Don King enthusiastically waving a Puerto Rican flag before the Main Event

Salsa king Marc Anthony doing the best Star Spangled Banner I've heard at a fight in a long while.

The chant of "Sweet Pea" drowning out the Trinidad supporters for a brief moment in Round Five

The nationalistic fervor which greeted Puerto Ricans Salamone and Trinidad was a sight to see. How come Americans don't feel that strongly about their fighters when fighting in different countries?

Trinidad-Whitaker Report

By Chris Bushnell

t1_trinidad_ap.jpg (15670 bytes)


Fresh on the heels of Oscar DelaHoya’s split decision victory over Ike Quartey, the 147 pound division’s two other big names squared off in an effort to further clarify the welterweight hierarchy.  Pernell Whitaker and Felix
Trinidad met face to face in Madison Square Garden to hammer out the issue, and the result was a surprisingly exciting, if one-sided fight.

On paper, it was the fighter’s weaknesses that provided the intrigue. Whitaker, now 35, was coming off a forced 16 month exile from the sport, having twice failed drug tests in 1998.  Trinidad, the younger, stronger, quicker, and more menacing fighter, had his own problems.  Struggling to make the 147 lb. weight limit, Trinidad was forced to don a rubber suit and jog the MSG neighborhood before finally, and barely, making weight Friday.  All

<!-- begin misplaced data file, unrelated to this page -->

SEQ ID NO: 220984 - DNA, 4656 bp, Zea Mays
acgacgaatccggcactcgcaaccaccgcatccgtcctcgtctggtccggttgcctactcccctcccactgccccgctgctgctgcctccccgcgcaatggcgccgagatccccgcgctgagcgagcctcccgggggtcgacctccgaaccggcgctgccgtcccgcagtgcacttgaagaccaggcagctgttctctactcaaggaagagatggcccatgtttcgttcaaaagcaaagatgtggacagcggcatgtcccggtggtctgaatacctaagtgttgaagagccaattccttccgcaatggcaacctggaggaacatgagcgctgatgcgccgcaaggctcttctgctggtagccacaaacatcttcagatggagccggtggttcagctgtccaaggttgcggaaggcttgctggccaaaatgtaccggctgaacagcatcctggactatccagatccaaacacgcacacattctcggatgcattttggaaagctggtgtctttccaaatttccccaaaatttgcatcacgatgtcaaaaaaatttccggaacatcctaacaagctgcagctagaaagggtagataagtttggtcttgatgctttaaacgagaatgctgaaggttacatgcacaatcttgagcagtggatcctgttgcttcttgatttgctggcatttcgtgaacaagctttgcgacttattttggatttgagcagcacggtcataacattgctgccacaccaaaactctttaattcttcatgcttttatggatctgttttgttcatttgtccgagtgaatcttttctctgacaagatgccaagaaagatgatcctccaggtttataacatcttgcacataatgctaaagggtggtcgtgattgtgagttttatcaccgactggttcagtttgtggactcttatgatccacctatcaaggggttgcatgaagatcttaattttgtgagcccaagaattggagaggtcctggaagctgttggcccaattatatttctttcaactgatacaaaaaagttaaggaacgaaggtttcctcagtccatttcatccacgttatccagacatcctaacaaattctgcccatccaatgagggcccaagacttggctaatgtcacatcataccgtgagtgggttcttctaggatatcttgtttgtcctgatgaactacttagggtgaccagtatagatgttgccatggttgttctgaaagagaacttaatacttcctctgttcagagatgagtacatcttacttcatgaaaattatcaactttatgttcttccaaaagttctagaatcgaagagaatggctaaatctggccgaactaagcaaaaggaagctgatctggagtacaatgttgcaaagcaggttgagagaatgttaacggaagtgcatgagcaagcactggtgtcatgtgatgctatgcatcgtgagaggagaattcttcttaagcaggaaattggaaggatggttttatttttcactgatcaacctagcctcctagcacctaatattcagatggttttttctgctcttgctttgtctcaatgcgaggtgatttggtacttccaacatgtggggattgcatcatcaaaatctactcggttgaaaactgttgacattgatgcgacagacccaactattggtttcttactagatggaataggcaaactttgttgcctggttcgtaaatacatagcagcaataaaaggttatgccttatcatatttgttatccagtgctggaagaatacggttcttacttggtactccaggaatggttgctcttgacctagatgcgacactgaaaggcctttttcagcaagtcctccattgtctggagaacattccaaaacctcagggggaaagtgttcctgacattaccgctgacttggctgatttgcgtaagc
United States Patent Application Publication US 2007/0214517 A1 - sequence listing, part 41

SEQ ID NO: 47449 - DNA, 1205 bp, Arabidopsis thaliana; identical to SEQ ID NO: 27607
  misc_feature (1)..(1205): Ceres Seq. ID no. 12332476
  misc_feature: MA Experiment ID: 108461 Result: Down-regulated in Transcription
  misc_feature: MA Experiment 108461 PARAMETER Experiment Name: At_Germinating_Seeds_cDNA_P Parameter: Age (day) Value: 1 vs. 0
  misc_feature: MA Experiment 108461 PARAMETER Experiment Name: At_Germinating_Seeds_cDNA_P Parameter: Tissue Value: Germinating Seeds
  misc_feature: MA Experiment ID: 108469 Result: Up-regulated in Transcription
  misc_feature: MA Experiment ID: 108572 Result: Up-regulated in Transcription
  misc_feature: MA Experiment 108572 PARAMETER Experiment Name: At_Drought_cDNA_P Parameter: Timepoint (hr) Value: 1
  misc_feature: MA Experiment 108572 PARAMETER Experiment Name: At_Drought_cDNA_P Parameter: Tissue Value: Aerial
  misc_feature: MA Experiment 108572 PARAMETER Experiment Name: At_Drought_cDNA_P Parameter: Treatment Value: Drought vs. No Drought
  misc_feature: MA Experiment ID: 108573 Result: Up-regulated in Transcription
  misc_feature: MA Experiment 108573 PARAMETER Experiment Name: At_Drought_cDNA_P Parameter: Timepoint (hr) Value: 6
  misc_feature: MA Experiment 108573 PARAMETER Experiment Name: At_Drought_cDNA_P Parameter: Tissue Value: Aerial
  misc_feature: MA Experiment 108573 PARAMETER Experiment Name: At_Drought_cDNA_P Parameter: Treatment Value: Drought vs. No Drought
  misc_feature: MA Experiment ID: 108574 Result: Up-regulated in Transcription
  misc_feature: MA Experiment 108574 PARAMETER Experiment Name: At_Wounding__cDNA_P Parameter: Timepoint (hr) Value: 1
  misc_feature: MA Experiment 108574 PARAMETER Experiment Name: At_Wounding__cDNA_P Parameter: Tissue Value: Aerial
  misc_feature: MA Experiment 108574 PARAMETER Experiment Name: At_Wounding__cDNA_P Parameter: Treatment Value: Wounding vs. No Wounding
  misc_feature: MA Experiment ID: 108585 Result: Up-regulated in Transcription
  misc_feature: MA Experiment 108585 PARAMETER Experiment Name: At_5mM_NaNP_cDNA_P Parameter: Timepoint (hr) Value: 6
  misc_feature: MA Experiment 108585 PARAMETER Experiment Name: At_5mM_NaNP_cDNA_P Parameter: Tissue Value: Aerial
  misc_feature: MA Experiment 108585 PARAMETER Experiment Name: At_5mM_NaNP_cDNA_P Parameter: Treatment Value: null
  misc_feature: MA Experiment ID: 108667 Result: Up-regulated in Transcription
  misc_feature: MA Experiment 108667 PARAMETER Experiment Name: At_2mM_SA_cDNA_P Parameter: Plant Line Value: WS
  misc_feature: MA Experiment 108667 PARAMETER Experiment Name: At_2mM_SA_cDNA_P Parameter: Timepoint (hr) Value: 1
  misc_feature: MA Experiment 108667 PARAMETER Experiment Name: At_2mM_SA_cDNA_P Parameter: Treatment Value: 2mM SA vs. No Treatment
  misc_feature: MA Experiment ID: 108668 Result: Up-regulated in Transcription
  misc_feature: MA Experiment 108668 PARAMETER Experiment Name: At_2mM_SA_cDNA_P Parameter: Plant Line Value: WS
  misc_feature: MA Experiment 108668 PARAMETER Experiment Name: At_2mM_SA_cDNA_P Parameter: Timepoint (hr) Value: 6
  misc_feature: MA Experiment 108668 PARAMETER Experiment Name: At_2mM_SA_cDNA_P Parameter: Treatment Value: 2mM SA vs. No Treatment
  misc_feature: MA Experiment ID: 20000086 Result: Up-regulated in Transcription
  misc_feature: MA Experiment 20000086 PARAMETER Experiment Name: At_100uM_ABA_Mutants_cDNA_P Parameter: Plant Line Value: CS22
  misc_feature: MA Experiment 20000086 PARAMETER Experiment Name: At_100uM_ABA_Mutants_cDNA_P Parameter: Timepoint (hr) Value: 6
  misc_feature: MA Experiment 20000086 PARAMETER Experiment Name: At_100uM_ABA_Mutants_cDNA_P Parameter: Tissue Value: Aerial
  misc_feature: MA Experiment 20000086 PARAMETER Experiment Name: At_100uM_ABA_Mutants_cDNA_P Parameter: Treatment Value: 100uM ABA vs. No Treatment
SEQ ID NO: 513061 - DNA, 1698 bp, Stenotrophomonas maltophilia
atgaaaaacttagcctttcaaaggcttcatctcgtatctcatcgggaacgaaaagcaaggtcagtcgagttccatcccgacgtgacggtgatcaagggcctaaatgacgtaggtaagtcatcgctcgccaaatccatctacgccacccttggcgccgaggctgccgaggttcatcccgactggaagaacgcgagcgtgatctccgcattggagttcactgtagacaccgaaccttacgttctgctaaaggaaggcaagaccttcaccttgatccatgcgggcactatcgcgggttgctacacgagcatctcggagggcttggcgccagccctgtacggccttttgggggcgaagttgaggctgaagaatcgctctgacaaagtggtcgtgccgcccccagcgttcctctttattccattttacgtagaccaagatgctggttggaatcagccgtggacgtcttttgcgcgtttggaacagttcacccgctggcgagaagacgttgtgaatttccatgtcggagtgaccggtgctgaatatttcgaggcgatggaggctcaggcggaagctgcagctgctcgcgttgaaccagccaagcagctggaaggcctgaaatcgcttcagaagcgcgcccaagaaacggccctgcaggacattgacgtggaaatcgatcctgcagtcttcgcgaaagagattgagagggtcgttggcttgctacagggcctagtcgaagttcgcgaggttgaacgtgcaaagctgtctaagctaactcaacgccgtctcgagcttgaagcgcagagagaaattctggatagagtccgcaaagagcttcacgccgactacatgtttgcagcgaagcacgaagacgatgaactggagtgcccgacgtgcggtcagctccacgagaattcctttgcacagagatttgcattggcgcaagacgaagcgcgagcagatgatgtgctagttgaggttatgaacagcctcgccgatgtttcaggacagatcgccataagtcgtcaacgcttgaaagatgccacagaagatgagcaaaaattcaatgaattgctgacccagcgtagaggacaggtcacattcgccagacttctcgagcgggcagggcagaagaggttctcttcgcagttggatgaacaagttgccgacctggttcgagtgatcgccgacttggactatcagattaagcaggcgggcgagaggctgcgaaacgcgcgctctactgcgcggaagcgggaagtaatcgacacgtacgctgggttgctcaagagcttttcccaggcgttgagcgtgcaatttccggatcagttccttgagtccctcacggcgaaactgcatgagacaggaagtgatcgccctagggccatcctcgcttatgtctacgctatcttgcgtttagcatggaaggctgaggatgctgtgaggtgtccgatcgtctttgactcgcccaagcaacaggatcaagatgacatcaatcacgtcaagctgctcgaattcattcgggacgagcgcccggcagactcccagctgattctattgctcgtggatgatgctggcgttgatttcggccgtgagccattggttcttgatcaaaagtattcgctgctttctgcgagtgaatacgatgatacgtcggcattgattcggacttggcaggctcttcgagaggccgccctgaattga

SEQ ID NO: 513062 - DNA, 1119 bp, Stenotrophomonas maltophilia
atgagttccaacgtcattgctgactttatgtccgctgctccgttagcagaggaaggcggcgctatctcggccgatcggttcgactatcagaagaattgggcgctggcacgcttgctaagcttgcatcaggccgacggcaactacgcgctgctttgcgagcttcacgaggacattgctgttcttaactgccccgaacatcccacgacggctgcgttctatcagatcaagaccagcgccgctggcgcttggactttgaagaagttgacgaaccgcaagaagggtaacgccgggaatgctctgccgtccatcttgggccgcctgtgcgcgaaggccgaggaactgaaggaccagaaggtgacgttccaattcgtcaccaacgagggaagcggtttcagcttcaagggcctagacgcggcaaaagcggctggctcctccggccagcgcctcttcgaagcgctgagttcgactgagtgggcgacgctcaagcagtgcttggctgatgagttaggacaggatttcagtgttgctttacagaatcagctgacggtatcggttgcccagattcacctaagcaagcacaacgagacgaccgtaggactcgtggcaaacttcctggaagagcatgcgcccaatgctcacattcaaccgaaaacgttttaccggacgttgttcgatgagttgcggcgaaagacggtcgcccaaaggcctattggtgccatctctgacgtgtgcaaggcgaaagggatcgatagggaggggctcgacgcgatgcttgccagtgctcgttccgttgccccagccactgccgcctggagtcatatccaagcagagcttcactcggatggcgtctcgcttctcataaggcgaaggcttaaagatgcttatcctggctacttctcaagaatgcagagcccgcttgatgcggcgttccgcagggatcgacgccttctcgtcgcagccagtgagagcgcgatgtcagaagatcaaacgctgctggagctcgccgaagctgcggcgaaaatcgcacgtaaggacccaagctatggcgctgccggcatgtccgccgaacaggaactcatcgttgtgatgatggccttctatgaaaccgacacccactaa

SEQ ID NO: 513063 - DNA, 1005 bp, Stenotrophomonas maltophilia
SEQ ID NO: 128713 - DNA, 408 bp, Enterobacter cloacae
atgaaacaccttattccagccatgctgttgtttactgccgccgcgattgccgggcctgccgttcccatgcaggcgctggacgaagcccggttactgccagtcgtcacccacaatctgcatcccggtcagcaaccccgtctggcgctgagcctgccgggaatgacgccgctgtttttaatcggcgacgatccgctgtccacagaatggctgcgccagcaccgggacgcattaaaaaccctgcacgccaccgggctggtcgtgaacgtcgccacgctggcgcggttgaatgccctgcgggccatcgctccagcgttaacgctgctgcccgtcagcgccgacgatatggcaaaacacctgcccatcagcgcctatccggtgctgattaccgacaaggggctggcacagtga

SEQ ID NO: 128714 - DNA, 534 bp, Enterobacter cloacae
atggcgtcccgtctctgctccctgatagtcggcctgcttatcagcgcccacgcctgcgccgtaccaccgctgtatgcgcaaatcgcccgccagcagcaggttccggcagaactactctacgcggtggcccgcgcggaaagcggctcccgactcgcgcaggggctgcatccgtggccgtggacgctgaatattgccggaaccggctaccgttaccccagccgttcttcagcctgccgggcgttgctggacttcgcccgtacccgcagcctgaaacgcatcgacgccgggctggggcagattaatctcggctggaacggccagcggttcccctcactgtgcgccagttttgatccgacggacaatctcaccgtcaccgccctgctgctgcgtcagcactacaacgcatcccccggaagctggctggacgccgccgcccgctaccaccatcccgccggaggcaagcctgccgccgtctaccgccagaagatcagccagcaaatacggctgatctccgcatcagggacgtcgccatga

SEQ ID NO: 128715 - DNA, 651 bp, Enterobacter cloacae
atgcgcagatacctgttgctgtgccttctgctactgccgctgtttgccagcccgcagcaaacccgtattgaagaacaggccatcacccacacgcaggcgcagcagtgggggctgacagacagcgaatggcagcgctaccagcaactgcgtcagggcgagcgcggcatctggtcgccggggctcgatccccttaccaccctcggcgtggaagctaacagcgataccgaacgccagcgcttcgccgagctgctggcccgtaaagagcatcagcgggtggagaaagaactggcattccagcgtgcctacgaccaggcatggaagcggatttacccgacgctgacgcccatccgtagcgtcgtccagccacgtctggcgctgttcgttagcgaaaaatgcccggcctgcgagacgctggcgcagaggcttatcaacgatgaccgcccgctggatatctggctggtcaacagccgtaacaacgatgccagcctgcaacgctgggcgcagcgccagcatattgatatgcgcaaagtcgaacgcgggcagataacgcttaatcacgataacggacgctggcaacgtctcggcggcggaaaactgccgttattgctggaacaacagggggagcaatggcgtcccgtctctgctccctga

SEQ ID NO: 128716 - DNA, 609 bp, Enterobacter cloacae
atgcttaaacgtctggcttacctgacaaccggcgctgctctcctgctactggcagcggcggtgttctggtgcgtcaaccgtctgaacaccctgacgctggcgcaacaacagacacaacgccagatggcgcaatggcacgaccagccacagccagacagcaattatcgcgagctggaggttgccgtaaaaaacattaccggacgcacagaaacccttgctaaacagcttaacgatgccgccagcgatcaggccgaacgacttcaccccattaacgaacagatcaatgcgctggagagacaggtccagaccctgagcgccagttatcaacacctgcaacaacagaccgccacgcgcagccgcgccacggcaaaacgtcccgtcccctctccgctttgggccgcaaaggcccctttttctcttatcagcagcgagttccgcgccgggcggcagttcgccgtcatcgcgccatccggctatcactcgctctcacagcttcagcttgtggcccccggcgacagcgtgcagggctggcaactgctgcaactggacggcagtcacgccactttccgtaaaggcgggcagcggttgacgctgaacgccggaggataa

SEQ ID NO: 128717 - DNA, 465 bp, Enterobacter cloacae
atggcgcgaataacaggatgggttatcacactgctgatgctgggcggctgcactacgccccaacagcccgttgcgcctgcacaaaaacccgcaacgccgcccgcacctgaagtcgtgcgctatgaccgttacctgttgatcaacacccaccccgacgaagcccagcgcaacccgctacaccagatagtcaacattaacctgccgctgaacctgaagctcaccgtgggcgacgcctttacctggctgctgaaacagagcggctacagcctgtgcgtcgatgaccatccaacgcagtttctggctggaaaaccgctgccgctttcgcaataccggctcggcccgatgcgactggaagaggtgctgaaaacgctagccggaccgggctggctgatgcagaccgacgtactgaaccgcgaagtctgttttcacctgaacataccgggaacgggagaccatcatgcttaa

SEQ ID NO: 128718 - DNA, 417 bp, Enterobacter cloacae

predictions were off, as we waited until the first round to see if either fighter would be their normal selves.

It was Whitaker who shined first, displaying trademark elusiveness and a frequent jab to steal the first round out from under Trinidad.  As Tito showed respect, only jabbing occasionally, a flat footed Whitaker began landing